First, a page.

Seton Rosemary E.

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Rosemary E.

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  • Article
    Baleen whales are not important as prey for killer whales Orcinus orca in high-latitude regions
    (Inter-Research, 2007-10-25) Mehta, Amee V. ; Allen, Judith M. ; Constantine, Rochelle ; Garrigue, Claire ; Jann, Beatrice ; Jenner, Curt ; Marx, Marilyn K. ; Matkin, Craig O. ; Mattila, David K. ; Minton, Gianna ; Mizroch, Sally A. ; Olavarría, Carlos ; Robbins, Jooke ; Russell, Kirsty G. ; Seton, Rosemary E. ; Steiger, Gretchen H. ; Víkingsson, Gísli A. ; Wade, Paul R. ; Witteveen, Briana H. ; Clapham, Phillip J.
    Certain populations of killer whales Orcinus orca feed primarily or exclusively on marine mammals. However, whether or not baleen whales represent an important prey source for killer whales is debatable. A hypothesis by Springer et al. (2003) suggested that overexploitation of large whales by industrial whaling forced killer whales to prey-switch from baleen whales to pinnipeds and sea otters, resulting in population declines for these smaller marine mammals in the North Pacific and southern Bering Sea. This prey-switching hypothesis is in part contingent upon the idea that killer whales commonly attack mysticetes while they are in these high-latitude areas. In this study, we used photographic and sighting data from long-term studies of baleen whales in 24 regions worldwide to determine the proportion of whales that bear scars (rake marks) from killer whale attacks, and to examine the timing of scar acquisition. The results of this study show that there is considerable geographic variation in the proportion of whales with rake marks, ranging from 0% to >40% in different regions. In every region, the great majority of the scars seen were present on the whales’ bodies when the animals were first sighted. Less than 7% (9 of 132) of scarred humpback whales with multi-year sighting histories acquired new scars after the first sighting. This suggests that most killer whale attacks on baleen whales target young animals, probably calves on their first migration from low-latitude breeding and calving areas to high-latitude feeding grounds. Overall, our results imply that adult baleen whales are not an important prey source for killer whales in high latitudes, and therefore that one of the primary assumptions underlying the Springer et al. (2003) prey-switching hypothesis (and its purported link to industrial whaling) is invalid.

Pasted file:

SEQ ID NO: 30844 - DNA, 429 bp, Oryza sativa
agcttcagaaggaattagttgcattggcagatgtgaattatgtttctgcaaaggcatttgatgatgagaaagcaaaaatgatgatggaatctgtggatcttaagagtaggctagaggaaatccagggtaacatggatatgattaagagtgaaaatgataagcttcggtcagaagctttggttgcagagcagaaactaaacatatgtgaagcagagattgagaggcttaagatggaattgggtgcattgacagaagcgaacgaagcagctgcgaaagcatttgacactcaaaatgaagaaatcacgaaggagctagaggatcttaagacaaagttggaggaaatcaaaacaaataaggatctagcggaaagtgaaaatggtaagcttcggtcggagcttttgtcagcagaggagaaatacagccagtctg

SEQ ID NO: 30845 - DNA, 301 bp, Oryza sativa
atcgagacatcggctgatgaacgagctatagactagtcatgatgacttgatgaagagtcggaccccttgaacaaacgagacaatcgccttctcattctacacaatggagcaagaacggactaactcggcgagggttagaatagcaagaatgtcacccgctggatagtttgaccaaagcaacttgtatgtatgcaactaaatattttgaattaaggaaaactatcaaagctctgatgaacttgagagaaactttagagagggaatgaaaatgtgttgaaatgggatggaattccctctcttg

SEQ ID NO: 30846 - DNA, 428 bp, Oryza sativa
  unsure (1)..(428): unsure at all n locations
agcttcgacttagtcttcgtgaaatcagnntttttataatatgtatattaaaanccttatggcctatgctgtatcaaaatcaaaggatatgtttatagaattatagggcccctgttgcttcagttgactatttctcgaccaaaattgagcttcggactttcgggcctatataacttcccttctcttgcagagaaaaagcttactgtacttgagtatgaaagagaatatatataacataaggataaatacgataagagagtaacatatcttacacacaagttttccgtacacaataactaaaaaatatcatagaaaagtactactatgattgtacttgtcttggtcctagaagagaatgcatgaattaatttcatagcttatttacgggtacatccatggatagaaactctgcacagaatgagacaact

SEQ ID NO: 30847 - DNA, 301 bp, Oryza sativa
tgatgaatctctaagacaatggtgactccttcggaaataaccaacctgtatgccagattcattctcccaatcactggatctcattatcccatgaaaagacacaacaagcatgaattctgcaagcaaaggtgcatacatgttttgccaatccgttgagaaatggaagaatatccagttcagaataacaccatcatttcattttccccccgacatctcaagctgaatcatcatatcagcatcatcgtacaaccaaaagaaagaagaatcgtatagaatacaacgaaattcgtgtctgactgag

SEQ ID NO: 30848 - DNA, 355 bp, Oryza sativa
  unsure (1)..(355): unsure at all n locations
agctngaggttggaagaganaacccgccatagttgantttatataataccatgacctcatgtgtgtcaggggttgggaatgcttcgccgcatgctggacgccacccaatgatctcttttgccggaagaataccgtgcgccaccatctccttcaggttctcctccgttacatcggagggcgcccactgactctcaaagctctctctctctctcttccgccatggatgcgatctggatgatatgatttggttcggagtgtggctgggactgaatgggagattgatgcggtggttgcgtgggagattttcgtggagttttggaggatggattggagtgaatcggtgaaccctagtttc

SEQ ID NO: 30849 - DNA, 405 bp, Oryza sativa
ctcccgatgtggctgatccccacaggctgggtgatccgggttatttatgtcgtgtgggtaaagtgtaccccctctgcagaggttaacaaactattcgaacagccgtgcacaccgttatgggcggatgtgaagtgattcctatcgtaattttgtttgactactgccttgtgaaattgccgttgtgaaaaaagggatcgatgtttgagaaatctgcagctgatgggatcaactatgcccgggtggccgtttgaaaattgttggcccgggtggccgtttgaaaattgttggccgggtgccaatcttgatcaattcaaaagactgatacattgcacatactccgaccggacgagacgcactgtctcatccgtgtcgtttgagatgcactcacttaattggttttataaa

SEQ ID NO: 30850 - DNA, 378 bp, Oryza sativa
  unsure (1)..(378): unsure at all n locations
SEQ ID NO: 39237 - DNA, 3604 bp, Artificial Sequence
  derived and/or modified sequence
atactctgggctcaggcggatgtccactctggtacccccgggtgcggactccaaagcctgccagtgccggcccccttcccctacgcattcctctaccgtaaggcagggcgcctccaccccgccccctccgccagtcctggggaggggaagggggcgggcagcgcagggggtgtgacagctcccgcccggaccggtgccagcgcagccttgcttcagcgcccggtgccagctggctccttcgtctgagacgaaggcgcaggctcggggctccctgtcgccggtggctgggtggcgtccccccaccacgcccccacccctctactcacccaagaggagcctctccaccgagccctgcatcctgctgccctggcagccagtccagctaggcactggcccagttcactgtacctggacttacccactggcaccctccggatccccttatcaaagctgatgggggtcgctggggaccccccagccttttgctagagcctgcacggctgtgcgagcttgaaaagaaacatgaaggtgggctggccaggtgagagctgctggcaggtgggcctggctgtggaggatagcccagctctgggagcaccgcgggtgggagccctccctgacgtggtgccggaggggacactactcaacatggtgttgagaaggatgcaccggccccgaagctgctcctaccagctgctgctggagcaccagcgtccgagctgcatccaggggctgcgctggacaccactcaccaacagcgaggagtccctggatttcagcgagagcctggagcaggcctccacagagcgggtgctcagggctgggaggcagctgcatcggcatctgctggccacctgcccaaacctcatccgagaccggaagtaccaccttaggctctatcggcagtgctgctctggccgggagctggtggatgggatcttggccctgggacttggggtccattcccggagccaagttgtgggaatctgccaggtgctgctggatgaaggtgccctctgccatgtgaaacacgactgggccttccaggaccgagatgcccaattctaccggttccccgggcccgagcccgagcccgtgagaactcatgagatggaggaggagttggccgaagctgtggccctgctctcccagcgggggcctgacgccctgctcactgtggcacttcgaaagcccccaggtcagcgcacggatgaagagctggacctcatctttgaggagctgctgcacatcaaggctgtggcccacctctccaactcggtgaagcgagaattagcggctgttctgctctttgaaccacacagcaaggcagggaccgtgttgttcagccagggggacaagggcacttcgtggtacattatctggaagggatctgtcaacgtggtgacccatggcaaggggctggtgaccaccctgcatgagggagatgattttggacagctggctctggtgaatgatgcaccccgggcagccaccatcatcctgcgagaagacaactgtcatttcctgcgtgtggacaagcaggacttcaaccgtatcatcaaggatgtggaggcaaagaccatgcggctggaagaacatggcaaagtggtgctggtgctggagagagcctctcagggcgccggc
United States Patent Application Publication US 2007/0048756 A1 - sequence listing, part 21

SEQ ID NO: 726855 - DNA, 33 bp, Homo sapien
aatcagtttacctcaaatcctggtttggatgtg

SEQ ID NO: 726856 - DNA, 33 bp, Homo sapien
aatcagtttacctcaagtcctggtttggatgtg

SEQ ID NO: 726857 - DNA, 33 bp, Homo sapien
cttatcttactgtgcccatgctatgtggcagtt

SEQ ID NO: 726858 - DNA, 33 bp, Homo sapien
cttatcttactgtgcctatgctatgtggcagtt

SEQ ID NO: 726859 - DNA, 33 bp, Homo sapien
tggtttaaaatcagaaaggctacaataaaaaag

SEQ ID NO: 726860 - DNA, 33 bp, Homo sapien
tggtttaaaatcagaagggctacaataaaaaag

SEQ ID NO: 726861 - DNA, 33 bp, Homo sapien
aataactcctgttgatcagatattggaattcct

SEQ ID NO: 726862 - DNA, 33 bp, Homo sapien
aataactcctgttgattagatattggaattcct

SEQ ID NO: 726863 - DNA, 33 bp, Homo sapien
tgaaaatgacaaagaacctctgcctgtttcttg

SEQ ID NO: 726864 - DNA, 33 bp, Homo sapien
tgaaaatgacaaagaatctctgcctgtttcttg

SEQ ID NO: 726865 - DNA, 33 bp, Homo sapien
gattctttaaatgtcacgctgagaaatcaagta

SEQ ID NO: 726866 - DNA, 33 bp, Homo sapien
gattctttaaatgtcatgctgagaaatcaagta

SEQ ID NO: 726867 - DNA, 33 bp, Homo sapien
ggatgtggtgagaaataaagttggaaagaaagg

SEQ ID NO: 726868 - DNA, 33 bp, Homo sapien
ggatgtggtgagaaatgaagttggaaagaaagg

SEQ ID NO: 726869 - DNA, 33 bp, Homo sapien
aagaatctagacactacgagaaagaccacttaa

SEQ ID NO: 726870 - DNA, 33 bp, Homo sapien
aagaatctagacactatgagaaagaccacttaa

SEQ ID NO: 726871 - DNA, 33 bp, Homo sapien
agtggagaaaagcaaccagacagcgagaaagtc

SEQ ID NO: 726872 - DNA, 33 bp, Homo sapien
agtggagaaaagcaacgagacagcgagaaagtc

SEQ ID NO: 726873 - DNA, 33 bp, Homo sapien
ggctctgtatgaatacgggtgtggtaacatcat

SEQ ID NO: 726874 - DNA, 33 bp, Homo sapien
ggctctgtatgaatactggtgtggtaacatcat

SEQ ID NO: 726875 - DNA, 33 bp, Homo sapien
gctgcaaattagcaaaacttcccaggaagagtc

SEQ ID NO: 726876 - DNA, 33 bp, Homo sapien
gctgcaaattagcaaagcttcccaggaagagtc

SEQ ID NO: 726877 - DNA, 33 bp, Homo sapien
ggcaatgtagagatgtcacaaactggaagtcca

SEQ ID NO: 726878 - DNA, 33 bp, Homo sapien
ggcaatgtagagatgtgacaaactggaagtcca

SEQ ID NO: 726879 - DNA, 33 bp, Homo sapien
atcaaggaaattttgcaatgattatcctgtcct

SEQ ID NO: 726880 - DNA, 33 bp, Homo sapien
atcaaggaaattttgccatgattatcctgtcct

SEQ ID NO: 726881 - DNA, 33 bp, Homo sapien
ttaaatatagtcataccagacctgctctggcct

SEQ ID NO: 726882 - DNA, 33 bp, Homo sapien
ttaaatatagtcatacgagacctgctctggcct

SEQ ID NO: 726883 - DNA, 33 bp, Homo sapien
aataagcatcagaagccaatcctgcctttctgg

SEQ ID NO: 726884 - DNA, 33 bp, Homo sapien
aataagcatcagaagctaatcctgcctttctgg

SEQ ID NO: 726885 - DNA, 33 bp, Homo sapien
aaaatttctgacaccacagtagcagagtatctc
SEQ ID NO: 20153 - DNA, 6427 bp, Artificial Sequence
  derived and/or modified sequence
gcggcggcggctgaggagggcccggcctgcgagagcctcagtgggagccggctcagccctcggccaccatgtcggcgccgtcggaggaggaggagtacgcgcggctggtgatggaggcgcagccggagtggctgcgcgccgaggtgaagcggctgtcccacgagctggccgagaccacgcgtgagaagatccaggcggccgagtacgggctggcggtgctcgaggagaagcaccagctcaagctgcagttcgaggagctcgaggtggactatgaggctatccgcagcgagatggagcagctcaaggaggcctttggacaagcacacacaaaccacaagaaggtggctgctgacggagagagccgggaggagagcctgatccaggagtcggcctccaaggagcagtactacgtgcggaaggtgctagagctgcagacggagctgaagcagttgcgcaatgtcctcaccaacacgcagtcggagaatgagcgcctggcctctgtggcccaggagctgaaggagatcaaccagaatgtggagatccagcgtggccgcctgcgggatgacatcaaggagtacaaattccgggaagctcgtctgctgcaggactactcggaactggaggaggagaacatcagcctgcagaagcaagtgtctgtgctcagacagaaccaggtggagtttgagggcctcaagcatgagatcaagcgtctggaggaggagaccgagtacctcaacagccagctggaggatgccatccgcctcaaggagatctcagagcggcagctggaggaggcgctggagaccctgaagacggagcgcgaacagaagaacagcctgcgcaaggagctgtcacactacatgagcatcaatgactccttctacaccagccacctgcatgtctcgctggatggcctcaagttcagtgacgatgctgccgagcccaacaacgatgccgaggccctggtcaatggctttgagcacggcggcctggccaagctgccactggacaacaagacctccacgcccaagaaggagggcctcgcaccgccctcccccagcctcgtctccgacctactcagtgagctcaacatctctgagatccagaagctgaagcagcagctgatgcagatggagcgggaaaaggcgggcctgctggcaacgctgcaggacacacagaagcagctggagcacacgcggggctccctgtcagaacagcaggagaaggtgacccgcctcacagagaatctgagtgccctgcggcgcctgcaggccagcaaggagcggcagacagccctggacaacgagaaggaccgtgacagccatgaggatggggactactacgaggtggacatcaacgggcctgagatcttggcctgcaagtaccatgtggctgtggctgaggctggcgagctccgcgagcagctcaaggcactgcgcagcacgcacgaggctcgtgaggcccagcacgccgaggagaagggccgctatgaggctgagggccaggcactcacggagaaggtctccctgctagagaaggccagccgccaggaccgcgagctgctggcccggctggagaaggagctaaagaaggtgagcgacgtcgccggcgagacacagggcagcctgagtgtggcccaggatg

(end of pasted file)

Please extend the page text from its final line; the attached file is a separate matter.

• Article
    Multiple steroid and thyroid hormones detected in baleen from eight whale species
    (Oxford University Press, 2017-11-09) Hunt, Kathleen E. ; Lysiak, Nadine S. J. ; Robbins, Jooke ; Moore, Michael J. ; Seton, Rosemary E. ; Torres, Leigh ; Buck, C. Loren
    Recent studies have demonstrated that some hormones are present in baleen powder from bowhead (Balaena mysticetus) and North Atlantic right (Eubalaena glacialis) whales. To test the potential generalizability of this technique for studies of stress and reproduction in large whales, we sought to determine whether all major classes of steroid and thyroid hormones are detectable in baleen, and whether these hormones are detectable in other mysticetes. Powdered baleen samples were recovered from single specimens of North Atlantic right, bowhead, blue (Balaenoptera [B.]musculus), sei (B. borealis), minke (B. acutorostrata), fin (B. physalus), humpback (Megaptera novaeangliae) and gray (Eschrichtius robustus) whales. Hormones were extracted with a methanol vortex method, after which we tested all species with commercial enzyme immunoassays (EIAs, Arbor Assays) for progesterone, testosterone, 17β-estradiol, cortisol, corticosterone, aldosterone, thyroxine and tri-iodothyronine, representing a wide array of steroid and thyroid hormones of interest for whale physiology research. In total, 64 parallelism tests (8 species × 8 hormones) were evaluated to verify good binding affinity of the assay antibodies to hormones in baleen. We also tested assay accuracy, although available sample volume limited this test to progesterone, testosterone and cortisol. All tested hormones were detectable in baleen powder of all species, and all assays passed parallelism and accuracy tests. Although only single individuals were tested, the consistent detectability of all hormones in all species indicates that baleen hormone analysis is likely applicable to a broad range of mysticetes, and that the EIA kits tested here perform well with baleen extract. Quantification of hormones in baleen may be a suitable technique with which to explore questions that have historically been difficult to address in large whales, including pregnancy and inter-calving interval, age of sexual maturation, timing and duration of seasonal reproductive cycles, adrenal physiology and metabolic rate.